NBC 5 Responds recommends parents remove them from their homes after the Consumer Product Safety Commission recalls small toy magnets again and more and more children ingest them and require urgent treatment. I learned that.
Witten Williams and his twin brother Walker, 4, support the family on their toes. However, a fun day of play turned the family over.
“I just looked around and saw him have something shiny on his lips,” explained Amber Williams, the boy’s mother. “He said,’Mom, I accidentally ate them.’ And I said,’What did you eat?’ And he showed me two of these little silver balls. I did. And I was like, “Oh no, these are magnets!” “
Witten was fine, so the family decided to wait 24 hours to see if the magnets would pass naturally. When they didn’t, their pediatrician sent them to the emergency room.
“They could see them on an x-ray scan, but couldn’t tell us exactly where they were,” Williams said.
The next morning, the doctor ordered a colonoscopy, but couldn’t find the magnet.
“They went as far as they could with that camera, and they couldn’t find anything,” Williams said.
“When three doctors bring you out of the waiting room, it’s not, it’s never good news,” said Witten’s father, Jonny Williams. “It’s when it really started to sink for me.”
Laparoscopy of Witten’s gut revealed that the magnet was pointing towards his appendix. The doctor performed surgery to remove it.
“It happened that I was stuck in a place that was an organ he didn’t need, so that was really the best scenario,” Amber Williams said.
Dr. David Troendle was one of Witten’s doctors at the Dallas Children’s Medical Center. He said more and more children, and even teenagers, swallowed magnets.
“You’ll probably see one or two cases a month, which is very scary,” Troendle said. “They are 10 times stronger than traditional magnets … they are very, very small.”
According to Troendle, the size of the magnet is one-eighth inch, but it can hold more than 1,000 times its weight.
In 2014, after hundreds of children were injured and hospitalized, CPSC considered toy magnets and games made of rare earth elements as a safety risk and removed them from the market.
In the immediately following years, magnet intake decreased by nearly 80%. However, in 2016, the court overturned the decision and allowed the toys to be returned to the market.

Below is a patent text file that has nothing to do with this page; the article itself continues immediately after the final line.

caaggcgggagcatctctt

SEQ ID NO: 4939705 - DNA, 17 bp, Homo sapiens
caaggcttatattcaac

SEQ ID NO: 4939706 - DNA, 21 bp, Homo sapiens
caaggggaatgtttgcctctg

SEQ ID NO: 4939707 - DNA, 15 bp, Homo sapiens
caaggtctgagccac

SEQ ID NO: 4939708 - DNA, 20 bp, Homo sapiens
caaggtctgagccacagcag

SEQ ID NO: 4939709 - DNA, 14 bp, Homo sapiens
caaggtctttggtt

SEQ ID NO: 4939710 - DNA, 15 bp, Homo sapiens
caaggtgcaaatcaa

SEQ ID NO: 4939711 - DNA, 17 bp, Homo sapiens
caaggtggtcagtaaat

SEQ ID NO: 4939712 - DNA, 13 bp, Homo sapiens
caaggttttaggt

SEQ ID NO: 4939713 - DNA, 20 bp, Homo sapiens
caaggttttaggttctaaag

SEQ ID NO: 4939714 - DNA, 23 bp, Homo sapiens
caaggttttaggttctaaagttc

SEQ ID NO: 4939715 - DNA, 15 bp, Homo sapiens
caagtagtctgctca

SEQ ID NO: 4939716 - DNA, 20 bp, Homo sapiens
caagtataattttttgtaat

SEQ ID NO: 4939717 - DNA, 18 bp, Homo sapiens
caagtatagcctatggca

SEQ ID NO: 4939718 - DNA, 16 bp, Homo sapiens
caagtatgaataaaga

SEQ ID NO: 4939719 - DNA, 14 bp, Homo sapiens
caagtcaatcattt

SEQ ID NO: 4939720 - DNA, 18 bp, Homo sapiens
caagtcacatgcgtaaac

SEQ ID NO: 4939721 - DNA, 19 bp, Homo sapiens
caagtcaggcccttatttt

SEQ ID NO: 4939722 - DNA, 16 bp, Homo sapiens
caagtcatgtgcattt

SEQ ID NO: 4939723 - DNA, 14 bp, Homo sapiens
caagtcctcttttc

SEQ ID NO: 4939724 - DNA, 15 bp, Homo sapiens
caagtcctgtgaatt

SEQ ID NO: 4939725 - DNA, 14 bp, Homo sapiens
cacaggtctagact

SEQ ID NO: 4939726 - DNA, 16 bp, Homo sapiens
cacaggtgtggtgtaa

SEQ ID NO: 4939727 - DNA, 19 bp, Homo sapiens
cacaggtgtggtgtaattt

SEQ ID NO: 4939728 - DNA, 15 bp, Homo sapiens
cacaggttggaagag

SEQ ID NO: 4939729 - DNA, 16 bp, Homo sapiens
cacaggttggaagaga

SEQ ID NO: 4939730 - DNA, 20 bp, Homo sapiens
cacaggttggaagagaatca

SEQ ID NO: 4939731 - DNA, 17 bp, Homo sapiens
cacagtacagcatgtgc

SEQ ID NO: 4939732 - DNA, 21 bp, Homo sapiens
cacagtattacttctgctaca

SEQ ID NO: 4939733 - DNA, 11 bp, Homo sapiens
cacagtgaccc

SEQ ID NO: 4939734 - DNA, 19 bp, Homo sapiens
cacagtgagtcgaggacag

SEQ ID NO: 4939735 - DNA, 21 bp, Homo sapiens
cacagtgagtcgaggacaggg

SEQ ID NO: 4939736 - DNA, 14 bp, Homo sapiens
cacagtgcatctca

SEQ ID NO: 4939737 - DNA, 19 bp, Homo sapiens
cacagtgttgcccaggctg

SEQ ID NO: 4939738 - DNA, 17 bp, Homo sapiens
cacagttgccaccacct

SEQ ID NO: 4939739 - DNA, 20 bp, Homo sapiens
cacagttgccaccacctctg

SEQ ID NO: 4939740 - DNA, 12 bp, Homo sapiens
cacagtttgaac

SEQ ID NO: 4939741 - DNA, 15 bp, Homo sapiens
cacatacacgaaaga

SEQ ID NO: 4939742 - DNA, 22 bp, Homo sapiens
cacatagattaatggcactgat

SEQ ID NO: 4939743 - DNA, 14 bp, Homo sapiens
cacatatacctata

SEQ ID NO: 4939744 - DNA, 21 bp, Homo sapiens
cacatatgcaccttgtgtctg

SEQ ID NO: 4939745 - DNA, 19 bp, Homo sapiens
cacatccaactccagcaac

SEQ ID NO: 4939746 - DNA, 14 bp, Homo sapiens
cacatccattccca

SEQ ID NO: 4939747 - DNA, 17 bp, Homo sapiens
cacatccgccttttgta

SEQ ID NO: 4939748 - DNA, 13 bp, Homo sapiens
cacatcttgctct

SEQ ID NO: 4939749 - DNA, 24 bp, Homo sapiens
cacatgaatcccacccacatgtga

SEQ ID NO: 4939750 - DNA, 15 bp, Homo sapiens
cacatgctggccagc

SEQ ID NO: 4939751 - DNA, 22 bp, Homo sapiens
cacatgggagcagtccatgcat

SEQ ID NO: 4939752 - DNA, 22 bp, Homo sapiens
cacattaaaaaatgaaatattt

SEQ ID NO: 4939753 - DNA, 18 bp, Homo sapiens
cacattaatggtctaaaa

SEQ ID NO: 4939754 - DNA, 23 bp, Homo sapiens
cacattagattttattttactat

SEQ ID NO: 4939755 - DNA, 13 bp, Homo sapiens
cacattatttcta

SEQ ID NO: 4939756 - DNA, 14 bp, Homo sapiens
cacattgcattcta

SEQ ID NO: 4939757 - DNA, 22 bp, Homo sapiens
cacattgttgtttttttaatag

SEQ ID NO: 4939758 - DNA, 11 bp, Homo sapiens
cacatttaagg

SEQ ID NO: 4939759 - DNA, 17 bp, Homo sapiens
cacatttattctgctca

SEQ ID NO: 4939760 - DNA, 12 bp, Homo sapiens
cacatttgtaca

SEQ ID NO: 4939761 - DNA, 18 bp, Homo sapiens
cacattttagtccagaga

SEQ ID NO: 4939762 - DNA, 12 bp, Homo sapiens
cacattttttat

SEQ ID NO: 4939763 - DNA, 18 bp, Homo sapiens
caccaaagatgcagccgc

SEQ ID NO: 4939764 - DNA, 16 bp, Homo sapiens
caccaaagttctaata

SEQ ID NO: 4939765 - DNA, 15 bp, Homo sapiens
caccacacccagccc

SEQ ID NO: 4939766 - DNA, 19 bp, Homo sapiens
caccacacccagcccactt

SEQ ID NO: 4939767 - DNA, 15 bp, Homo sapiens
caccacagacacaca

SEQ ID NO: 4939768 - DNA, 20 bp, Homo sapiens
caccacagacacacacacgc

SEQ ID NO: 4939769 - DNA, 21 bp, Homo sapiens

New data from the American Association of Poison Control Centers show that magnet intake surged by more than 530% between 2017 and 2020.
US Open case
Earlier this year, a Florida boy was hospitalized after swallowing 16 magnetic balls. A toddler in South Bend, Indiana swallowed 19 magnets. And in 2020, a New Jersey boy underwent surgery after eating a set of magnet balls he received as a birthday present.
“Dangers aren’t always recognizable to parents, so they don’t even think this is dangerous. They think it’s really cool and fun,” said Kidsin Danger’s Nancy Cowl. Z said.
Cowles runs a non-profit organization and has been tracking this issue for years.
“We believe this should really be removed from the market, as the risk is far greater than any of the benefits of the product,” says Cowles.
Just last month, the CPSC issued a forced recall of 10 million magnets due to the risk of ingestion and the risk of death.
“I’m glad they took positive action on this. But, as I said, there are still many other companies that sell these products. A major US company. Most sellers no longer do it, but when you go online, you’ll find that it’s still everywhere, so there’s still a lot to do, “Cowls said.
“It was three steps. It was a big deal for a little guy,” said Amber Williams.
The Williams family filed a complaint with the CPSC and informed them of Witten’s case. They didn’t know which brand of magnets he swallowed, but said they were grateful that they didn’t do any more damage.
There are several brands of toy magnets on the market. The CPSC requires that it not be sold to children under the age of 14. If the house has children and they have children, experts said they should be removed immediately.